This where prototyping a kit is important, as we realized we should have started with the front and back walls, as the framing is supposed to end up 3" wide. This is perfect for the 1x12 siding comes out even. So start with the front and back wall, attach the siding starting at one corner. Trim around the door when you get there.

Notice on this side wall, brimming around the rafters so the siding meets the bottom of the future roof panels. The siding on the sidewalls can overlap the edge of the front and back siding boards. Trim as needed.

The walls attached together. Make sure to keep everything as square a possible. Door jambs and trim installed per the instructions.

This shake photo section is from the prairie farm house tips page. Measure your frame and add 1/4" for overhang front, back and 1/8" over rafter ends. Using the spacing guide sheet, start by just lining up a row of shakes face up. Don't get to perfect, just make sure overall line is straight. Small differences from shake to shake will give it character, and it will look more like a real roof. The guide has a vertical line on the right to help you keep your sheet square. Marking a line proper width for your panel on the left, will keep you straight on that side. As a few photo's below, shakes can be snapped to trim them for width, or cut with sharp scissors or a knife. Choosing ones with the straightest grain to cut is best.

Glue applied to the top while holding the row down with a wood block. Keep the glue to the top 1/4" as it will get covered by the next row.

Spread the glue smooth to hold the row together. Don't leave any bumps or lumps that will interfere with the next row, and keep the glue strip narrow so it will be covered by the next row.

Next row started, you can put a small dab of glue on the bottom of the backside and add like here, or as in the next photo a bead of glue across the entire sheet. Line up the beginning row with a line. The next row line up its top with the next line, and this will give you a 10" scale exposure. This is the proper exposure for a premium roof shake installation.

As you add shakes, alternate widths and color. Let some stray a little from straight. Make sure starting with the second row, that the covering row also covers the gap between the lower shakes.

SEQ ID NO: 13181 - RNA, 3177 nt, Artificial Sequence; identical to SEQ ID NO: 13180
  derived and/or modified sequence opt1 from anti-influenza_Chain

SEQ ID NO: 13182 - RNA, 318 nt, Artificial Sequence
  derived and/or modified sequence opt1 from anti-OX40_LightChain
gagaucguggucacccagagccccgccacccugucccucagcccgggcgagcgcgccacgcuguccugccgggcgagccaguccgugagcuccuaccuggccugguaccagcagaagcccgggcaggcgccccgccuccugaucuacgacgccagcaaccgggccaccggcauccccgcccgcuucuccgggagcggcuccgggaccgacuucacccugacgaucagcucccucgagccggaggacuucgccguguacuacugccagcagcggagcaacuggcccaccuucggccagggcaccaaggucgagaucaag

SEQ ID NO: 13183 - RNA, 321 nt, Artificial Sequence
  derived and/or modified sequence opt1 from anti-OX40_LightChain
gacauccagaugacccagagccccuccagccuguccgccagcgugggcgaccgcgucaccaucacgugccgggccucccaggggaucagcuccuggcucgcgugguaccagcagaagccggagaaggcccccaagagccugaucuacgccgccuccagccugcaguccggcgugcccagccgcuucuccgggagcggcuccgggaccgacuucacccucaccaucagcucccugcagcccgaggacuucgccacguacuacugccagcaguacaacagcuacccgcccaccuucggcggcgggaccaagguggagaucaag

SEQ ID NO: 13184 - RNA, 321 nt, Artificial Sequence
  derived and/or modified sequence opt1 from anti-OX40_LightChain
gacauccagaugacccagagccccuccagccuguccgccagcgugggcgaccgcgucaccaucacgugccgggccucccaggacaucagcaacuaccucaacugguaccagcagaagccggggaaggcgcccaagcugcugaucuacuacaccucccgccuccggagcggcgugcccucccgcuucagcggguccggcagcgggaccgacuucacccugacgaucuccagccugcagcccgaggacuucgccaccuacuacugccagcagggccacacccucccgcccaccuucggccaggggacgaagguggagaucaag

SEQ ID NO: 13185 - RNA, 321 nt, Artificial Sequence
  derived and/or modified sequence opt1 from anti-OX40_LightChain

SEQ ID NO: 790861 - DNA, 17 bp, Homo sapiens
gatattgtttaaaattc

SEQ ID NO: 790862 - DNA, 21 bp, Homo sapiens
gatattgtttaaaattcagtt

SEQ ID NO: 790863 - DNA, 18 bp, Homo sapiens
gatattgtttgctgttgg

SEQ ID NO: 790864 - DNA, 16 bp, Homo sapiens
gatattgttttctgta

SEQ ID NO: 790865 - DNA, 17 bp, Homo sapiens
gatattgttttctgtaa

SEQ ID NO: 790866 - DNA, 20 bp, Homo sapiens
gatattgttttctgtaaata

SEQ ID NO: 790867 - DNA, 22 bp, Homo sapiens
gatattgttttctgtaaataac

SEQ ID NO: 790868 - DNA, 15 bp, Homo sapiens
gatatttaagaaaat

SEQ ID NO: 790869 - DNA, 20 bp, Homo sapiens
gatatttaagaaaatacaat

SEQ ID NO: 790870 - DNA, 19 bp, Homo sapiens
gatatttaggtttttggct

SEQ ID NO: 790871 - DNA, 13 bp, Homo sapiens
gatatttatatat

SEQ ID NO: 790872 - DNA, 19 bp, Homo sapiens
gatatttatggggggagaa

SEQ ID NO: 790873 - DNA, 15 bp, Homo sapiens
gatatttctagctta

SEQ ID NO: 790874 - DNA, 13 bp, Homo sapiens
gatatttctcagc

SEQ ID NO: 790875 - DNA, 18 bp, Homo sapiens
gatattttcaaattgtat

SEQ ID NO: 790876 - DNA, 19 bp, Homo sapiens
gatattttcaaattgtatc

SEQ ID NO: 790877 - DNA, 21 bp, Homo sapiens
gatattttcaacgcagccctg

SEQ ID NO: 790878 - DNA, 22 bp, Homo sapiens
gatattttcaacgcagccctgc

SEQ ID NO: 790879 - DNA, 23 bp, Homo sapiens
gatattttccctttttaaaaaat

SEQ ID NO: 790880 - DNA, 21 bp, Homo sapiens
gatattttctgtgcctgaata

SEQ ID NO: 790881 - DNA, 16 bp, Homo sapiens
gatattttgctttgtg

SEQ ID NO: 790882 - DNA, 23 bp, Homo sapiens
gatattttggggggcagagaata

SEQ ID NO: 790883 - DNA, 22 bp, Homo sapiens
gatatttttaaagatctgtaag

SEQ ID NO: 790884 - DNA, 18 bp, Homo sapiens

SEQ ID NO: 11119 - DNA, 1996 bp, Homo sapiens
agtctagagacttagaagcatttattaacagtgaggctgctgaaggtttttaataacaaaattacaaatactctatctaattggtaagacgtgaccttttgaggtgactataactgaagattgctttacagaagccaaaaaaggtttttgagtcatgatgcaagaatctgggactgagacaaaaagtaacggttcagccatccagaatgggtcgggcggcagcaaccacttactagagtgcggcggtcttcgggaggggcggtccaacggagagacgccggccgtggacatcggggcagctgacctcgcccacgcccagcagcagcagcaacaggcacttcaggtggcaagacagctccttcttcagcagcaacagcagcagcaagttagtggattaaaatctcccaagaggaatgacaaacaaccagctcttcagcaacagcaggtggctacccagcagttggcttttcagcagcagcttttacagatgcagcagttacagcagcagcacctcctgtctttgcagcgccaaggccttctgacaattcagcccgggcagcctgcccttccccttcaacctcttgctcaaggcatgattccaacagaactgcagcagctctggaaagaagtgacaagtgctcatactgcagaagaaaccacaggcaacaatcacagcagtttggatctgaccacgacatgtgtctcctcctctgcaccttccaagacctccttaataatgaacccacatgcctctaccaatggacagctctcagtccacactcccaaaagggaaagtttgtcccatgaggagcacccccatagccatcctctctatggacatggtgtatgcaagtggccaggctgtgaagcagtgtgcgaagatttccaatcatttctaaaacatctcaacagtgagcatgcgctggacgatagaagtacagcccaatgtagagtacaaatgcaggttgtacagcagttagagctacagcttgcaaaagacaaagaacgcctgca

The completed sheet for one half of the roof. Remember these shake photos are from the larger kit, so your panel will be smaller. Remember, that the last row gets trimmed, so the shakes end up being about 9/16"-5/8" long. Then once the ridge cap is added, correct exposure of 10" happens at the peak. Look at the ridge cap photo below, and it will become clearer. 6 rows of shakes in each of our panels for the Deluxe outhouse.

First panel in place. Notice top row trimmed, in out case to the top of the 5th row.

Roof finished. One thing we would do different is to cut the length of all the ridge cap shakes down by about 1/3, as on a smaller roof it might seem more to scale.

Door was made by laying 4 1x6 boards face down, and spreading a thin layer of glue on the face up (backside). Then the z brace attached. We left the door a little larger than needed, trimming it to fit the opening before attaching it. Glued to the jamb, your choice of right, left opening or even closed. A small scrap glued on as a door knob.

At this point the building is ready for finishing.  Paint, inside and out with exterior grade finishes.  Since we have low voltage lighting in our yard, we plan to use their 4 watt bulbs and power source so every night when they come on our buildings will light up.

Good Luck and Happy Railroading!

Let us know if you have any suggestions or inputs for this tips page!


Mark & Sue Smith
Smith Pond Junctions Railroad Products